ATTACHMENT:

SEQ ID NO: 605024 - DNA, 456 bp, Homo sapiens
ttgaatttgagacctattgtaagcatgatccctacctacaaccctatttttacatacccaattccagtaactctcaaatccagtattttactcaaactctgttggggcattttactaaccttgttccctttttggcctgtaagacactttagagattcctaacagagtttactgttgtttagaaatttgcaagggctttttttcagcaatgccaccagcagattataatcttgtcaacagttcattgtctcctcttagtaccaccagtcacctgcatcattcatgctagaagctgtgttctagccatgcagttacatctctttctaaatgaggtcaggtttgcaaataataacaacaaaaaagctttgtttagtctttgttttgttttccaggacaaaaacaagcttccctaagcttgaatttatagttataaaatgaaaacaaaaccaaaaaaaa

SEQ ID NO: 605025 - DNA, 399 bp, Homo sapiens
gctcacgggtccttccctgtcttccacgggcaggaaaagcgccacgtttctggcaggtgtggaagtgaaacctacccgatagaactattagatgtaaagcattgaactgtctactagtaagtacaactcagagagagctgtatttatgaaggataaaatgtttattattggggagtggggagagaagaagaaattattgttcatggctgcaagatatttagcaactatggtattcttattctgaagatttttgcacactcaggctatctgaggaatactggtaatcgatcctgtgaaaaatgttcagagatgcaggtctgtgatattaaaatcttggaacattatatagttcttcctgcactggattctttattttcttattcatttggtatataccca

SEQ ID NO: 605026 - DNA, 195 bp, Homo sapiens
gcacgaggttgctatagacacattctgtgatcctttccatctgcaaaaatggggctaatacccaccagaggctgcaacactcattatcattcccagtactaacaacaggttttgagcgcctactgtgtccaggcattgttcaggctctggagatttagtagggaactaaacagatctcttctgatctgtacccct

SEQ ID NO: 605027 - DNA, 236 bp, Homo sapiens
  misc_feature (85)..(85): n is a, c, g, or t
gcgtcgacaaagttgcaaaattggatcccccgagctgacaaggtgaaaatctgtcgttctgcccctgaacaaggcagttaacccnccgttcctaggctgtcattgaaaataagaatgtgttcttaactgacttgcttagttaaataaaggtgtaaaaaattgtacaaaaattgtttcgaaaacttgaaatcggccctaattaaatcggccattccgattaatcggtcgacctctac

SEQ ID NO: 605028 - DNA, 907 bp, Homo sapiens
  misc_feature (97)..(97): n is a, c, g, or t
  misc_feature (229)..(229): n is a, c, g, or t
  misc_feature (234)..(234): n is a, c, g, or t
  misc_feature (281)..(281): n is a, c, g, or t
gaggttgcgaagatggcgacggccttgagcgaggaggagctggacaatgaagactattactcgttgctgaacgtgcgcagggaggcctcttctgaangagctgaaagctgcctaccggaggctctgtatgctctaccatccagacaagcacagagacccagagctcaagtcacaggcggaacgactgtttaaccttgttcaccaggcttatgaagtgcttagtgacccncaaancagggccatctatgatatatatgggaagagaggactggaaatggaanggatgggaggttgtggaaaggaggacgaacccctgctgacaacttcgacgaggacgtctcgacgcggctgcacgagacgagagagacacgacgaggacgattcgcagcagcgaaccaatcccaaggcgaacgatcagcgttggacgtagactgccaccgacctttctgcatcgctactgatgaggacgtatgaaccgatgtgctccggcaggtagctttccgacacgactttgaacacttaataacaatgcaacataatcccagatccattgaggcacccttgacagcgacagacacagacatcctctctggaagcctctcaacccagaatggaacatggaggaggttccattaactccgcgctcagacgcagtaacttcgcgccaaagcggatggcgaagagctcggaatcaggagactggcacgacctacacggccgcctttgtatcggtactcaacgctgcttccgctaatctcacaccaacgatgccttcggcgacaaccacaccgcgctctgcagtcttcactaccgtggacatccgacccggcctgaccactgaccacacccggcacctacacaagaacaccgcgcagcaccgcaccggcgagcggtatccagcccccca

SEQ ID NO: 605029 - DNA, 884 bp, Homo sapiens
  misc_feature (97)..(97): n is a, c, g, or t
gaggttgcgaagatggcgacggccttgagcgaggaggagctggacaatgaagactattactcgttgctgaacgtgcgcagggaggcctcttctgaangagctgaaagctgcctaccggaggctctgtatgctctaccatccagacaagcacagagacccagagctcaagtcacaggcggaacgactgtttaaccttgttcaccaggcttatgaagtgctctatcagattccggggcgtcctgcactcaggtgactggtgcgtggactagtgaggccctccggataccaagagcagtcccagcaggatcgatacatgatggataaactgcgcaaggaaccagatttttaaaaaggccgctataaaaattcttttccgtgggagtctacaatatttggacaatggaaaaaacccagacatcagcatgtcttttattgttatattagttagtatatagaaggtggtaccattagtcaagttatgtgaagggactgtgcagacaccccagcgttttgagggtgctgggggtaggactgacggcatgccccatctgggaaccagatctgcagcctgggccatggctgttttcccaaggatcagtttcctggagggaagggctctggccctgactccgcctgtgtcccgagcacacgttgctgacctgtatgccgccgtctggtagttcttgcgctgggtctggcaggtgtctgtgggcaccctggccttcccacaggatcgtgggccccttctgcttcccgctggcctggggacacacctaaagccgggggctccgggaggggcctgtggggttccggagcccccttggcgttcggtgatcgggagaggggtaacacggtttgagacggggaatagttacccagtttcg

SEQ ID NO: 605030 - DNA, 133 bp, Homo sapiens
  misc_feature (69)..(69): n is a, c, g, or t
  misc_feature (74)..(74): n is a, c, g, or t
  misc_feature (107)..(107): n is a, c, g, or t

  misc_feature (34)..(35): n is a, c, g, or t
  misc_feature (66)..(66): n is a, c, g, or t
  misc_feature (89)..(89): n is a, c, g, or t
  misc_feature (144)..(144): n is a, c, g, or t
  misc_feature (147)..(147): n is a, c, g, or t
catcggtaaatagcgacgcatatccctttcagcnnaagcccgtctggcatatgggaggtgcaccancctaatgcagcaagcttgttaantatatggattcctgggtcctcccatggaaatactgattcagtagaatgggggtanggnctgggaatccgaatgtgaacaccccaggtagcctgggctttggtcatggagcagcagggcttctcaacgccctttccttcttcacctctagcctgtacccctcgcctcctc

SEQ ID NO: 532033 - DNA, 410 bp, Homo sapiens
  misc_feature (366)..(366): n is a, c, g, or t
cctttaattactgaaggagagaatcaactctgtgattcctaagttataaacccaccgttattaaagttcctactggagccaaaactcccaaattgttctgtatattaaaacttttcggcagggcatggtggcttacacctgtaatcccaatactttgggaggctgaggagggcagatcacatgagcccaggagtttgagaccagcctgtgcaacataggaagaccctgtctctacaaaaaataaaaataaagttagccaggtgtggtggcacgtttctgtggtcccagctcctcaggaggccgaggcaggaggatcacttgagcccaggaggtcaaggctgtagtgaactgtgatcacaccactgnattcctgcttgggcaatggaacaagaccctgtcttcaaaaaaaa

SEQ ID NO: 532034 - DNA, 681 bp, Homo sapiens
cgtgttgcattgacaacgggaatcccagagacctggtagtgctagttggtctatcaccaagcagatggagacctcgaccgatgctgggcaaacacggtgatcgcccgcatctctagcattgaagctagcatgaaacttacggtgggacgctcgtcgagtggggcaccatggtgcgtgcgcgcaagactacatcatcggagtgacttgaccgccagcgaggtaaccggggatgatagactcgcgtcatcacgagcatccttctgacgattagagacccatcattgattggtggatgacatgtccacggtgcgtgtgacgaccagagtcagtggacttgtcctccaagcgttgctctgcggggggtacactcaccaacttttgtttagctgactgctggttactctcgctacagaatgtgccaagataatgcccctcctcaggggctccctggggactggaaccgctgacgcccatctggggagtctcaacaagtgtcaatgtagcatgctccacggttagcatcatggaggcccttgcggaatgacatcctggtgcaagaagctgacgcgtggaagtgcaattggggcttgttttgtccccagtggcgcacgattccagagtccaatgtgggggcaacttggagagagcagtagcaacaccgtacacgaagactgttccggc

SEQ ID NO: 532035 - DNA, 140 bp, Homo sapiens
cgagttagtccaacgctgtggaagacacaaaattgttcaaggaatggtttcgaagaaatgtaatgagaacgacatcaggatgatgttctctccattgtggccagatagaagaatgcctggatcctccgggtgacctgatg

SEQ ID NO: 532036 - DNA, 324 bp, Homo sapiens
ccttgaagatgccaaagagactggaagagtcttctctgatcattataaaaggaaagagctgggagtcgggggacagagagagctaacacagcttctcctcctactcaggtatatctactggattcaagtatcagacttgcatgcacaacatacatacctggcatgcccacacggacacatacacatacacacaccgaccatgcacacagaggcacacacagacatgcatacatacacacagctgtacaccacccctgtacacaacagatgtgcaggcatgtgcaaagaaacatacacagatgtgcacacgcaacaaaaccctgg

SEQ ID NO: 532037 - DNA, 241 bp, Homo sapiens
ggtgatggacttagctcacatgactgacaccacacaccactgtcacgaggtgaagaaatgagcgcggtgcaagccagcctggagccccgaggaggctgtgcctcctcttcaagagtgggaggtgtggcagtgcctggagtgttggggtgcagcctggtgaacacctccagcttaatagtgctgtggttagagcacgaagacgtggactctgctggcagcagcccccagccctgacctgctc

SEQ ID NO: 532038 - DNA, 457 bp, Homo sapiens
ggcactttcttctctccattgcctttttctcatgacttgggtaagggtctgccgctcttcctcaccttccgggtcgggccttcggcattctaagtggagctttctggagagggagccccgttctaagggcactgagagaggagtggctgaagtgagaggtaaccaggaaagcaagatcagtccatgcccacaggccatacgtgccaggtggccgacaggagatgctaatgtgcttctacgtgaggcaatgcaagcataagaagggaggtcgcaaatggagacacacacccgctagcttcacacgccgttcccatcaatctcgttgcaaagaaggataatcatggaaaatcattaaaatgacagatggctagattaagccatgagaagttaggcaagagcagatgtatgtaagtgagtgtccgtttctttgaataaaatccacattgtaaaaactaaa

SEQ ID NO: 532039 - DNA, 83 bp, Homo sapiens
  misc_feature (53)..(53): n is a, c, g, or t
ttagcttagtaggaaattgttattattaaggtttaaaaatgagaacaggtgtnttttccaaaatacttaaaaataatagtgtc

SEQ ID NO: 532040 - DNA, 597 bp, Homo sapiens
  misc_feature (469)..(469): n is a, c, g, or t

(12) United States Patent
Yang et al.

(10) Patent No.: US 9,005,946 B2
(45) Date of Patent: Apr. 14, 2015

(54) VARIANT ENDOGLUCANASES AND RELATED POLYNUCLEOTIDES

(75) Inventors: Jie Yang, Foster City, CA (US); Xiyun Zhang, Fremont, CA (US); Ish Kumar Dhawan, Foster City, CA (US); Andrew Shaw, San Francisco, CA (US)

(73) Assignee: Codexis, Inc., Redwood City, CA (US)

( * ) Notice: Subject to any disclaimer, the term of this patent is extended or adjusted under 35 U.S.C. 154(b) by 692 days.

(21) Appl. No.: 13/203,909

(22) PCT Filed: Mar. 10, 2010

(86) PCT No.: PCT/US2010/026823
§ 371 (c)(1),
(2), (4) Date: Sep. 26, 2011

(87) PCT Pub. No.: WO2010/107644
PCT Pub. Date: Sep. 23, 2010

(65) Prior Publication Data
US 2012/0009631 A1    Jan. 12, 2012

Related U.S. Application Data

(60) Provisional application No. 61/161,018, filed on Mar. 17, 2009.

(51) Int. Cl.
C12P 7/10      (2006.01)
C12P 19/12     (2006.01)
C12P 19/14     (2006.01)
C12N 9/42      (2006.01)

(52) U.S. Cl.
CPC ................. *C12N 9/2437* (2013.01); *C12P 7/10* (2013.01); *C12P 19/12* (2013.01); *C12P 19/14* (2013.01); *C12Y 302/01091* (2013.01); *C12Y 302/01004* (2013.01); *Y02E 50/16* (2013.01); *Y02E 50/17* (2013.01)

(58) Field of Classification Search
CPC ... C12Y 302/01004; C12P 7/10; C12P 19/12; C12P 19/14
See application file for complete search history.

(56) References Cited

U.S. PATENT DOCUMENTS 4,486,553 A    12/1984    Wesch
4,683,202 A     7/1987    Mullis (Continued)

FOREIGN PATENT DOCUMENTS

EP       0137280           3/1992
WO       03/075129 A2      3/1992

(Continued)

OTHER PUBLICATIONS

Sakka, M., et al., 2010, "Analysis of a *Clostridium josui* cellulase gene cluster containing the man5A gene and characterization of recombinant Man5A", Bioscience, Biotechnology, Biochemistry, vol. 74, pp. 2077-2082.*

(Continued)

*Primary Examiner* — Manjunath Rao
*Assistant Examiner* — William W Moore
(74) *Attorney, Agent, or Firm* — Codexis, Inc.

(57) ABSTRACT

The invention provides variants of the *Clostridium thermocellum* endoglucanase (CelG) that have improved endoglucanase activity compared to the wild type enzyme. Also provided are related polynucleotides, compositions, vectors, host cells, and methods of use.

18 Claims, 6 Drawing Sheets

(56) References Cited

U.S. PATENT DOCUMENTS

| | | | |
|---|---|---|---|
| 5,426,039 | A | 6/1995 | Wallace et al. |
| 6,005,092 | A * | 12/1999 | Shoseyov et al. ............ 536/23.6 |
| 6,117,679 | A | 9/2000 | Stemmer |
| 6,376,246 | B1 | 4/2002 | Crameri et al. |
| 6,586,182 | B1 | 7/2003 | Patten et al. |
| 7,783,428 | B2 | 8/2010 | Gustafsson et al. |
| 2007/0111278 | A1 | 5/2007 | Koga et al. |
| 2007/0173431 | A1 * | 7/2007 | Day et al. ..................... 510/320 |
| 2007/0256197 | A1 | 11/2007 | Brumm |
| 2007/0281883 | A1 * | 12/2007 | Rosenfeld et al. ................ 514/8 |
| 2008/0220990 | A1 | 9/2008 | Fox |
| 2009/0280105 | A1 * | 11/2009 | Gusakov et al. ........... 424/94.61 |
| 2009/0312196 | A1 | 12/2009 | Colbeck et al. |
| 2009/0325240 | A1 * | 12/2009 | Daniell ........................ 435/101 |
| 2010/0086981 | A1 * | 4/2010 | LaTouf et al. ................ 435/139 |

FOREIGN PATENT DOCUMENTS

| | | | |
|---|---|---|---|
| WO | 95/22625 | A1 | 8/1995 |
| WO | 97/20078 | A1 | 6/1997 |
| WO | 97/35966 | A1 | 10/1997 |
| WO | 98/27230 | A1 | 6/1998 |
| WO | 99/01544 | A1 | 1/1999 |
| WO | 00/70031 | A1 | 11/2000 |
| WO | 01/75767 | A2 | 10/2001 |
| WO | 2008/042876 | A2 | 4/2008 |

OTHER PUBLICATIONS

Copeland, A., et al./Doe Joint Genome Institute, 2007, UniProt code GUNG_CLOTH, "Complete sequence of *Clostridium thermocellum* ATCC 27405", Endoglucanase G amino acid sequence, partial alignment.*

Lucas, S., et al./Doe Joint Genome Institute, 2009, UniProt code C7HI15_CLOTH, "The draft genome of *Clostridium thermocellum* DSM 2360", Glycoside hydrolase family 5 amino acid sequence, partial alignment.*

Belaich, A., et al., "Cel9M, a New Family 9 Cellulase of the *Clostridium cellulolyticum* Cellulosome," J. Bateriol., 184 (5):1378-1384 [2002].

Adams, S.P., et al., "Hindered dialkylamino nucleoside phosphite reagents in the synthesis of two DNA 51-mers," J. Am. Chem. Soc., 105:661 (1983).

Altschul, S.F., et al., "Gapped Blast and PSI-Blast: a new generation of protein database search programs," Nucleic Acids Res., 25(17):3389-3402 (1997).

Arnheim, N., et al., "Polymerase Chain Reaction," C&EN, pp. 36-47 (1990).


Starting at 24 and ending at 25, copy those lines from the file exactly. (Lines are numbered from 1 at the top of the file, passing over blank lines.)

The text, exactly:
  misc_feature (66)..(66): n is a, c, g, or t
  misc_feature (89)..(89): n is a, c, g, or t